Anatomy of an attack: How Coinbase was targeted with emails booby-trapped with Firefox zero-days

Elaborate browser break-out betrayed by unusual behavior

Security of cryptocurrency

Coinbase chief information security officer Philip Martin this week published an incident report covering the recent attack on the cryptocurrency exchange, revealing a phishing campaign of surprising sophistication.

The thwarted attack began with email messages on May 30 to more than a dozen Coinbase employees that appeared to be from Gregory Harris, a research grant administrator at the University of Cambridge in the UK.

At some point prior to that, the attackers – a group known to Coinbase as CRYPTO-3 or sometimes HYDSEVEN – compromised or created two email accounts at Cambridge. Two days before the initial emails went out, they registered a domain to deliver their exploit, Martin said.

These messages represented reconnaissance for a phishing campaign that extended beyond Coinbase. After corresponding with the initial set of targets – about 200 – through a series of messages over several weeks, the hackers winnowed their list of prospective victims down to five specific marks. These individuals – macOS users not using Firefox – received messages with malicious links.

"Stage one of this attack first identified the operating system and browser, and displayed a convincing error to macOS users who were not currently using Firefox, instructing them to install the latest version from Mozilla," Martin wrote. "After visiting the page in Firefox, the exploit code was delivered from a separate domain, analyticsfit[.]com, which was registered on May 28."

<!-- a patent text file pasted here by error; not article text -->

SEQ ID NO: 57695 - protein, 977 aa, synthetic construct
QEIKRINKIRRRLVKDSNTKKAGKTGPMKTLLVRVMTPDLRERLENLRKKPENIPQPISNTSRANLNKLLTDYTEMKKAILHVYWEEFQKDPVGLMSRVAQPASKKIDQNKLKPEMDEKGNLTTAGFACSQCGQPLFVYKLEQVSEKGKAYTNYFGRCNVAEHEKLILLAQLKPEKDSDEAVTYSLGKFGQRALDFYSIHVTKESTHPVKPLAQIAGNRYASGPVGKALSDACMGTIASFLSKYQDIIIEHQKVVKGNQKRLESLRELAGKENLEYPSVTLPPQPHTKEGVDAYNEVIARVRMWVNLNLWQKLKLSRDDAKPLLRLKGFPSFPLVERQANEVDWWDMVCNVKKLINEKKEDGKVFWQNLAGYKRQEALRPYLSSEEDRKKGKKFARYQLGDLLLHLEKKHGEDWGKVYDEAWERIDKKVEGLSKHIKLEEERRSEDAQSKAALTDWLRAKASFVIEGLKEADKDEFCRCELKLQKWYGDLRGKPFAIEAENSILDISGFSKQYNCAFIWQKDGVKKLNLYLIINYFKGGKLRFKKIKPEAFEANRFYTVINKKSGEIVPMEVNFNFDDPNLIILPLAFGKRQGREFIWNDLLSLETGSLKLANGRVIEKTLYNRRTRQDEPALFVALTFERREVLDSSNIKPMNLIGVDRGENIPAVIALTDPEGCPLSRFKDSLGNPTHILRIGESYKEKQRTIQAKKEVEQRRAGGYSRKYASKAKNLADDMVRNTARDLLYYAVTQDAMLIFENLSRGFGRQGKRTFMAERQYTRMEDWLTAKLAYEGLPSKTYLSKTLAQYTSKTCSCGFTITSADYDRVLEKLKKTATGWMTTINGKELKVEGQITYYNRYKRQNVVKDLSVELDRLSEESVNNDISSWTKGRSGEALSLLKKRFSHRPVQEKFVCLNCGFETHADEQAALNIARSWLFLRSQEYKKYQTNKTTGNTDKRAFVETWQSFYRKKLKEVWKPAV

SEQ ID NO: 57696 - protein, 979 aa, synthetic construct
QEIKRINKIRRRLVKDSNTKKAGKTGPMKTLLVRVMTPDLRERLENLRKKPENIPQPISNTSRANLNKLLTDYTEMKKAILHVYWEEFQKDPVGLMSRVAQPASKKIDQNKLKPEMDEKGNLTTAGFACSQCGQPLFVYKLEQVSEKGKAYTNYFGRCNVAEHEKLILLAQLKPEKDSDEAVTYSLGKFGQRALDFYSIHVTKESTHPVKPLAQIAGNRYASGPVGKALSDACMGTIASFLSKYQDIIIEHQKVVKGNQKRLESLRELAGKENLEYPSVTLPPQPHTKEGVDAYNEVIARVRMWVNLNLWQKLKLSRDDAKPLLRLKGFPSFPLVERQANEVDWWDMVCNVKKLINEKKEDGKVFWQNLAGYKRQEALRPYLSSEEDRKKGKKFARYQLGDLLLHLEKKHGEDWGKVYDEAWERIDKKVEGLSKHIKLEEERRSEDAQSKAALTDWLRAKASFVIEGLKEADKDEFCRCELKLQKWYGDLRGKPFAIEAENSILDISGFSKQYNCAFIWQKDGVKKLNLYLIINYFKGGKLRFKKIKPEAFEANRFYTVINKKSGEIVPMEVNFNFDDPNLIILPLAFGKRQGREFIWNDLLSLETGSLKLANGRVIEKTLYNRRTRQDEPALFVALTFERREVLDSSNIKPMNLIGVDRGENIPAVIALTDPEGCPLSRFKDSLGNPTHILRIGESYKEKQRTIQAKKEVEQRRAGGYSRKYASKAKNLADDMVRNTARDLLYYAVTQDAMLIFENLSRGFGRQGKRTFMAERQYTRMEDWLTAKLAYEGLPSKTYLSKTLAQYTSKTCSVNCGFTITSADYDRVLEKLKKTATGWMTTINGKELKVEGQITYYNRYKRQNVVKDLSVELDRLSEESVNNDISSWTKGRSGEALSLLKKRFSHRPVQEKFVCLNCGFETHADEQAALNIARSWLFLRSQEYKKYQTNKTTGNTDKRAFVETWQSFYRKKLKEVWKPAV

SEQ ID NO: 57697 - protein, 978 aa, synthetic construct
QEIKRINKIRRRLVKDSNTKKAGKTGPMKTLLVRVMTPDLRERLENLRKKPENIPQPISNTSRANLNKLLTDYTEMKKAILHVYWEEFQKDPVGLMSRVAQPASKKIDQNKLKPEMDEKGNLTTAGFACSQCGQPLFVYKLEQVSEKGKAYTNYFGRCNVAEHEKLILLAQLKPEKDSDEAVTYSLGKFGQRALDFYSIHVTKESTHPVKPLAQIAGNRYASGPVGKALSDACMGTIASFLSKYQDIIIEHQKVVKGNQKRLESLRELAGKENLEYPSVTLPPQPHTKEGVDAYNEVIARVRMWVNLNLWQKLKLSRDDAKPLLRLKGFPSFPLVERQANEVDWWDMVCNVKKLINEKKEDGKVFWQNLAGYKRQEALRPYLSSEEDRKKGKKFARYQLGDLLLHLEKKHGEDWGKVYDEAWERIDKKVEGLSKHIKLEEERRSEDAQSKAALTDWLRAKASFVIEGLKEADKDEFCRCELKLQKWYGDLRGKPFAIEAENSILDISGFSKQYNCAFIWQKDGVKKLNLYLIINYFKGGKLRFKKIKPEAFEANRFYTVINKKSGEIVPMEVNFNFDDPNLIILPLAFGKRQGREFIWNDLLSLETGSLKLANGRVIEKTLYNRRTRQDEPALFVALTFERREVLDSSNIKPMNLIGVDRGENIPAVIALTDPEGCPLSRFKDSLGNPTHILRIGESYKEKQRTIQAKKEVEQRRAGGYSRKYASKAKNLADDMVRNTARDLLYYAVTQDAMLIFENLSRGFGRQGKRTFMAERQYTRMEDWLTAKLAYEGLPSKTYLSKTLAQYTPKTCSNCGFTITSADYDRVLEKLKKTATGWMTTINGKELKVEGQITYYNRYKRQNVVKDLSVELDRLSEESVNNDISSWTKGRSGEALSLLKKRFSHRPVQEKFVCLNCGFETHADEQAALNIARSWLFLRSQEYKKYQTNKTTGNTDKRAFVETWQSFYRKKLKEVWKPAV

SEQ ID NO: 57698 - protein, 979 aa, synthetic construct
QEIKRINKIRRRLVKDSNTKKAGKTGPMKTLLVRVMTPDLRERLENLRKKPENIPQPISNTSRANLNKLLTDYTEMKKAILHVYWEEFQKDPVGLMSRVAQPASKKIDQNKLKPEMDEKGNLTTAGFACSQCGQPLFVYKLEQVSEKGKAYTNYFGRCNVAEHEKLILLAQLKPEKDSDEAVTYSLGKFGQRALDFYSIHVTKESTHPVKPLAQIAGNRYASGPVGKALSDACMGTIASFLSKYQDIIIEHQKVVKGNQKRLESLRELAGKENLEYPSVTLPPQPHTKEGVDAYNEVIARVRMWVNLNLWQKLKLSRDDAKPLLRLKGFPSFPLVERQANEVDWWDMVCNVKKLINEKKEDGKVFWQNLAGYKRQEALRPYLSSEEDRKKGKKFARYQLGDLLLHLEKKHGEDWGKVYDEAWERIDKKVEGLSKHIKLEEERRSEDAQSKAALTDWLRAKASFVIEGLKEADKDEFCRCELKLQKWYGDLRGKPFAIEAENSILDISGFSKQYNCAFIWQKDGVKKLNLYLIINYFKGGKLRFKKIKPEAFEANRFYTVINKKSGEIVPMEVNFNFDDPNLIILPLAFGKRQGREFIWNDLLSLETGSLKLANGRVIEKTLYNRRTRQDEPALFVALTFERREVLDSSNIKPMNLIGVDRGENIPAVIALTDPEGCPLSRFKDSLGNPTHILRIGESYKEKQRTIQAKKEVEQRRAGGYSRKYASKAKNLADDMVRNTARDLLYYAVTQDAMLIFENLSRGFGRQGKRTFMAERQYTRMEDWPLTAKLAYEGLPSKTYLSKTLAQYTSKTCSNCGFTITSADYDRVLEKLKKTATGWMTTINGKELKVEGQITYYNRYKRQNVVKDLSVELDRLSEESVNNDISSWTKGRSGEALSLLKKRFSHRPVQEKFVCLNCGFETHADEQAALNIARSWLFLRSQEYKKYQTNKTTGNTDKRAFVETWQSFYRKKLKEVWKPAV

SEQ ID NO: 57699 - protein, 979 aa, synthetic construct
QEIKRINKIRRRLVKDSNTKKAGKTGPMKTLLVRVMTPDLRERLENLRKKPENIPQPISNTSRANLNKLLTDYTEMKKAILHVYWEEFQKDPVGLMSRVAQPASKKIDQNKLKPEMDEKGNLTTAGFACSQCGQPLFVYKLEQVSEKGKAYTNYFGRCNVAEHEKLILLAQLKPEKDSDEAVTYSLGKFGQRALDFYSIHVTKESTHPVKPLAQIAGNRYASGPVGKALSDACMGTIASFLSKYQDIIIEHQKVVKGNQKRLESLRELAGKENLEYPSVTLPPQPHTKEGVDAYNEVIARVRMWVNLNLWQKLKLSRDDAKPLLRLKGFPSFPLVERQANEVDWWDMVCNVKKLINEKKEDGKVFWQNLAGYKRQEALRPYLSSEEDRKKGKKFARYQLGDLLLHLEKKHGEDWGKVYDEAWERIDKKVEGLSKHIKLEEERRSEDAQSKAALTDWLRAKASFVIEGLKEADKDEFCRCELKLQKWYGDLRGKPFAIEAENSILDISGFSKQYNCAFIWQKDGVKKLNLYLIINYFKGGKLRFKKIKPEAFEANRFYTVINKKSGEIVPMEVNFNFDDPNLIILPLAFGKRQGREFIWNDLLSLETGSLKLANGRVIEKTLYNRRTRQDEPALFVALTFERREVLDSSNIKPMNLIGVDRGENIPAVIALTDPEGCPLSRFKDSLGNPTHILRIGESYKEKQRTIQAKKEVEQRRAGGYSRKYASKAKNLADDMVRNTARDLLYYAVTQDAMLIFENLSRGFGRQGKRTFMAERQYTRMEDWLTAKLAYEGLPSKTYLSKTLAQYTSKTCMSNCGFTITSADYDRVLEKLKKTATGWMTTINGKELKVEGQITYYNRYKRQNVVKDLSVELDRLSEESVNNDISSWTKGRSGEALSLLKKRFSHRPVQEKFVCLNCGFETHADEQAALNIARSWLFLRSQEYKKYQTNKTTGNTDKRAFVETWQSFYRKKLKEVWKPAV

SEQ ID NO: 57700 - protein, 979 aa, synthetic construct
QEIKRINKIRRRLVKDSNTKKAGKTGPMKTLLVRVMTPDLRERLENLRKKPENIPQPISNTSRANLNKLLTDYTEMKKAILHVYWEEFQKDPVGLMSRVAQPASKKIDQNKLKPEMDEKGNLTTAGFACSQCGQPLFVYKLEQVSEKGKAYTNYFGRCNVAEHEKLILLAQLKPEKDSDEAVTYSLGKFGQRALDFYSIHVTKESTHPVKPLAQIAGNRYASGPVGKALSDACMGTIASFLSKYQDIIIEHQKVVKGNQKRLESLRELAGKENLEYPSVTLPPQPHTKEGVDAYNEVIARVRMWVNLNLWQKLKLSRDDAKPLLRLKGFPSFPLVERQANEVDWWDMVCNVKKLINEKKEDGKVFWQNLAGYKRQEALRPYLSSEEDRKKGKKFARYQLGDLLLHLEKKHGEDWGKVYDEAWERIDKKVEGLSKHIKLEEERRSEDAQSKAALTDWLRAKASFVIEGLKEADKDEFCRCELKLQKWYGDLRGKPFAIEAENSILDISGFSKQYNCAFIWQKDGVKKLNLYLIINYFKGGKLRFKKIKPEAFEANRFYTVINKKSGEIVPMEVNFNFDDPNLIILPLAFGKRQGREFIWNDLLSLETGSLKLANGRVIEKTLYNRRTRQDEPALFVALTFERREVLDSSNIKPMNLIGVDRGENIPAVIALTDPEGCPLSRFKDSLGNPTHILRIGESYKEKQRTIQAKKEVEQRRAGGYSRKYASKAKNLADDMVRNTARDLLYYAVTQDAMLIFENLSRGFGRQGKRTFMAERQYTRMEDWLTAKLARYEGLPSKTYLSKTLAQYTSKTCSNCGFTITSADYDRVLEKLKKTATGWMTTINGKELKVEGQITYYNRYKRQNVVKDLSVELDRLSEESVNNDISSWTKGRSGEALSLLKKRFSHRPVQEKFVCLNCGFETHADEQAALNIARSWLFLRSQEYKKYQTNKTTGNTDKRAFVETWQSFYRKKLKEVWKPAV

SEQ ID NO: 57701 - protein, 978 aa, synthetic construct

The exploit payload used two Firefox zero-day vulnerabilities, a JavaScript privilege escalation flaw (CVE-2019–11707) and a browser sandbox escape (CVE-2019–11708), now patched by Mozilla. According to Martin, the latter vulnerability was discovered simultaneously by Samuel Groß, a security researcher with Google’s Project Zero, and someone in the attack group or someone who provided it to them.

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Martin also observed that the privilege escalation flaw had existed for a while in Firefox but only became exploitable using the chosen attack technique as of May 12 due to an unidentified technical change.

"This indicates a very rapid discovery-to-weaponization cycle on the part of the attacker (or whoever the attacker acquired the 0-day from)," said Martin, noting that the exploit code itself was well-structured, as might be expected from experienced malware authors.

Using those two vulnerabilities to achieve arbitrary code execution, the attacker's shellcode issued a curl command to download and run the stage-one implant, a Netwire variant. Used for reconnaissance and credential theft on victims' machines, the malicious code was detected by Coinbase at this point based on unusual behavior, specifically Firefox spawning a shell.

The stage-one payload then transitioned to a stage two implant, identified by Martin as a variant of the Mokes malware family. It's a remote access trojan (RAT) and was operated under direct human control. Martin speculates that the attackers moved to stage two when they believed they had compromised a target of value.

Once aware of the hack, Coinbase's security team collected data artifacts related to the break-in, revoked affected credentials, and contacted Mozilla's security team, which managed to create patches shortly thereafter.

Martin attributed Coinbase's successful response to the attack to a security-first culture, detection and response tooling, and clear incident response playbooks. Sharing information about such incidents, he suggests, will help the crypto-finance industry. ®

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